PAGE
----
Seven in 10 Americans reducing carbon footprint
At least 7 in 10 say say they are trying to reduce their carbon footprint. That’s according to a new ABC News/Planet Green/Stanford University poll released this month.
Yes, this headline appears very much a result of higher gasoline prices:
59 percent say they’re using less gasoline — driving less, using smaller, more fuel-efficient cars, carpooling, taking mass transit and the like.
Yet it goes beyond just gasoline:
60 percent, also say they’re cutting their consumption of power (and water).
Let’s dig in and run through some of the numbers:
Of those reducing:
25 percent — mainly to save money
33 percent — environmental reasons
41 percent — combination of money and environment
The sweet spot is undoubtedly the twofer — money and environment. While I’ve heard some argue that we should be careful not to dilute the environmental message with ideas of economic self interest, a.k.a. saving money — it seems a no-brainer that the economic benefits for average families are potentially substantial and fully exploiting that fact is imperative. We’ll all be conservatives!
Of those not reducing:
54 percent plus — “say it’s unnecessary, too expensive, too inconvenient, won’t do any good, or that they just aren’t interested”
22 percent of those not reducing say they’re not trying because they’re not sure of what to do.
Like the 28 percent still supporting Bush, some are never going to come around — best to write them off and not be distracted by them. However for the 22 percent not knowing what to do we must make sure they are reached and helped to engage. Far beyond what “We” and 1Sky and other great privately run public awareness groups are capable of, a big federally-financed, public awareness and education campaign is a must.
On the global warming threat:
61 percent — say it’s not a threat in their lifetime — if nothing is done about it (reduced from 69 percent in 1997)
73 percent — say it will be a threat in their children’s lifetime — if nothing is done (no previous polling data shown)
81 percent — say it will be a threat to future generations (up 2 points from 2005)
It seems a safe bet, perhaps, that as more people come to think that climate change threatens their children’s and even their own generation, more will take action to reduce their carbon footprints. I’m now 41 — so in 2050, health-willing, I’ll be 83, and my daughter will be 43. And at the rate of things, it’s going to be very bad in 2050. The federally-financed, public awareness and education campaign must flip the first number and push it to 75 percent saying it will threaten their generation. (Again the last 25 percent are “Bush dead-enders.”)
Attitudes toward policy approaches:
78 percent — support stricter fuel efficiency standards for cars
59 percent — support Cap/Trade
74 percent — support Cap/Trade when told similar approach succeeded against acid rain
68 percent — support U.S. action even if other countries do less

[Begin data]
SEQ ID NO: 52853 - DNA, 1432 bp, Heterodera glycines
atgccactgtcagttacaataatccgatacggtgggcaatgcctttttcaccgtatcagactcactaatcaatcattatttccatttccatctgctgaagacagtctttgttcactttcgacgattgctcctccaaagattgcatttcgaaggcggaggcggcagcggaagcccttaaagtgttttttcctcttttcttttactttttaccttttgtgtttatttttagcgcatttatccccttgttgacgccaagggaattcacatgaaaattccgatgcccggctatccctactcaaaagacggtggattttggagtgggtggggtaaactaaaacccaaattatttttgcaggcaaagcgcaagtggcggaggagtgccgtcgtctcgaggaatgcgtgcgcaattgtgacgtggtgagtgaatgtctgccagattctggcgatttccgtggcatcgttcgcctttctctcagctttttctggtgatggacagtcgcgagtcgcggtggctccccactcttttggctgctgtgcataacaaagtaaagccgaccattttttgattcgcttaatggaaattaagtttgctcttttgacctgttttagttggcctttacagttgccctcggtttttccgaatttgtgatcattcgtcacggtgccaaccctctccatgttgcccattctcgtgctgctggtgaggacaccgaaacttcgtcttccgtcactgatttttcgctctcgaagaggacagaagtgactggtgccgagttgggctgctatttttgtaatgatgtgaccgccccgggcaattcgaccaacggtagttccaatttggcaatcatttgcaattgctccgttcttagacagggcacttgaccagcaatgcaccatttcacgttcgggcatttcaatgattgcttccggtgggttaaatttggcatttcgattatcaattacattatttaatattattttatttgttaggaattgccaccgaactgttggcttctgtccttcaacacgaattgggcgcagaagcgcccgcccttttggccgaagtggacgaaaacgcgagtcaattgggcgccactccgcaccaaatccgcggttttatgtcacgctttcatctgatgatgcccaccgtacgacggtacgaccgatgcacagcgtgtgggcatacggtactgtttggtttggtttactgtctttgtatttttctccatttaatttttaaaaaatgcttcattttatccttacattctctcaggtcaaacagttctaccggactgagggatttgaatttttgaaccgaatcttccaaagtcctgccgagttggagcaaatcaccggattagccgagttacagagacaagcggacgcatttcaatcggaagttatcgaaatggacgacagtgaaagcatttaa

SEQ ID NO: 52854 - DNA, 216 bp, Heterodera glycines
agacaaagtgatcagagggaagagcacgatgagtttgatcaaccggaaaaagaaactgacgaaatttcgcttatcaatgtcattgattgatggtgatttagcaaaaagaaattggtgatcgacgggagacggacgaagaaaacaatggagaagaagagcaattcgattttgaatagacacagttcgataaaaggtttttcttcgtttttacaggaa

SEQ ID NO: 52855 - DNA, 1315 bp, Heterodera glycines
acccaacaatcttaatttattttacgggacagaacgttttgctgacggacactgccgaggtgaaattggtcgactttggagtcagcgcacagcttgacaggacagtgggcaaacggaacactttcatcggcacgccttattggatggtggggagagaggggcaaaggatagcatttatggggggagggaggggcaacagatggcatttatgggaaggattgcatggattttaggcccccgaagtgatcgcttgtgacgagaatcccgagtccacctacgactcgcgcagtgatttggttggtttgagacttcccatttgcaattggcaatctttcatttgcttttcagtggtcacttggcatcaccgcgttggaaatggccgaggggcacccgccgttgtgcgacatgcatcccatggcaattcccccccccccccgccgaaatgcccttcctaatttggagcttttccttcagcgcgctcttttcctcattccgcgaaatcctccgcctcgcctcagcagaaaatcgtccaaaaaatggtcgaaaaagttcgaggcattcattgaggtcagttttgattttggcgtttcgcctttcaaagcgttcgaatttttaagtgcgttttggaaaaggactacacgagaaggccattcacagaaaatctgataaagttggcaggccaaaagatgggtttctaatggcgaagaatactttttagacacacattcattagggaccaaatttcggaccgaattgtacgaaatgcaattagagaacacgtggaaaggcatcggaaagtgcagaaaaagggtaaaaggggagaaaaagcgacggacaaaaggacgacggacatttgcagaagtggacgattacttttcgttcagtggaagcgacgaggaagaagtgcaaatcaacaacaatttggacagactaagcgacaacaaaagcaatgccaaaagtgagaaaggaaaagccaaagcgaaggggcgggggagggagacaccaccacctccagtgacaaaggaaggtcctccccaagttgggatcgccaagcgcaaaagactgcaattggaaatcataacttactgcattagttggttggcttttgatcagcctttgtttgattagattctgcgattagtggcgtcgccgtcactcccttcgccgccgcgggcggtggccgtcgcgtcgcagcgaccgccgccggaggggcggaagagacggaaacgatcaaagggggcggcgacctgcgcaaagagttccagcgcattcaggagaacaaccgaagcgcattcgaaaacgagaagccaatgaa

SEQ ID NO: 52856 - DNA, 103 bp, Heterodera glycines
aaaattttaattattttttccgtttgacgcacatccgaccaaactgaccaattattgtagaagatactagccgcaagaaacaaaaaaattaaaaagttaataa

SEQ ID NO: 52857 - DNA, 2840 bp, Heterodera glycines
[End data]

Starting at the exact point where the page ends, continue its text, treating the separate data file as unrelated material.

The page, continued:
Heartening numbers, particularly the last. The new administration needs to run with them.
Likely economic effects of addressing global warming:
33 percent — say will help U.S. economy
32 percent — say will hurt U.S. economy
I’m not sure how these numbers add-up, but the idea that there’s a split is not surprising and to me, heartening as well. Public education and effective implementation that demonstrate the economic benefits should drag the numbers into a clearly supporting position.
On the not so good side:
63 percent — favor expanding offshore oil drilling
55 percent — favor wilderness area drilling
Only 44 percent favor building more nuclear. Split by party: 60 percent of Republicans and 33 percent of Democrats favoring.
If not great, not surprising either. I think Obama’s approach to these is basically correct. Use them as bargaining chips to secure the real action that is going to meaningfully address the problem there we move beyond the stalling and get to work.
25 percent — say global warming is the biggest environmental problem (down 8 points from 2007. First, how could this number be going down? And how could it be so ridiculously low, period? )
80 percent — say global warming is occurring (down 5 points from 2006 — how could this too possibly be going down? Maybe see here.)
50 percent — reduction in global warming news stories in month prior to poll, from same period in 2007. (Shocking, right?)
47 percent — trust scientists’ statements regarding climate
49 percent — don’t trust scientists’ statements regarding climate
(I believe in always retaining a healthy skepticism but these numbers are ridiculous.)
I think these last numbers are a testament to the power of FoxNews, Rush Limbaugh and the Right Wing Noise Machine and their campaign, well-coordinated with the GOP, to confuse, disinform, and generally, as Stephen Colbert so deftly reveals, celebrate ignorance. They’ve cowed members of the Fourth Estate into not fulfilling their civic responsibility to inform our citizens. All around it is shameful.
So as not to close on a sour note: I think the take away must be that despite the Right Wing Noise Machine’s best efforts, there is apparently broad support for meaningful public policy action to tackle the threat — with 68 percent supporting U.S. action even if other countries do less. That is hopeful indeed.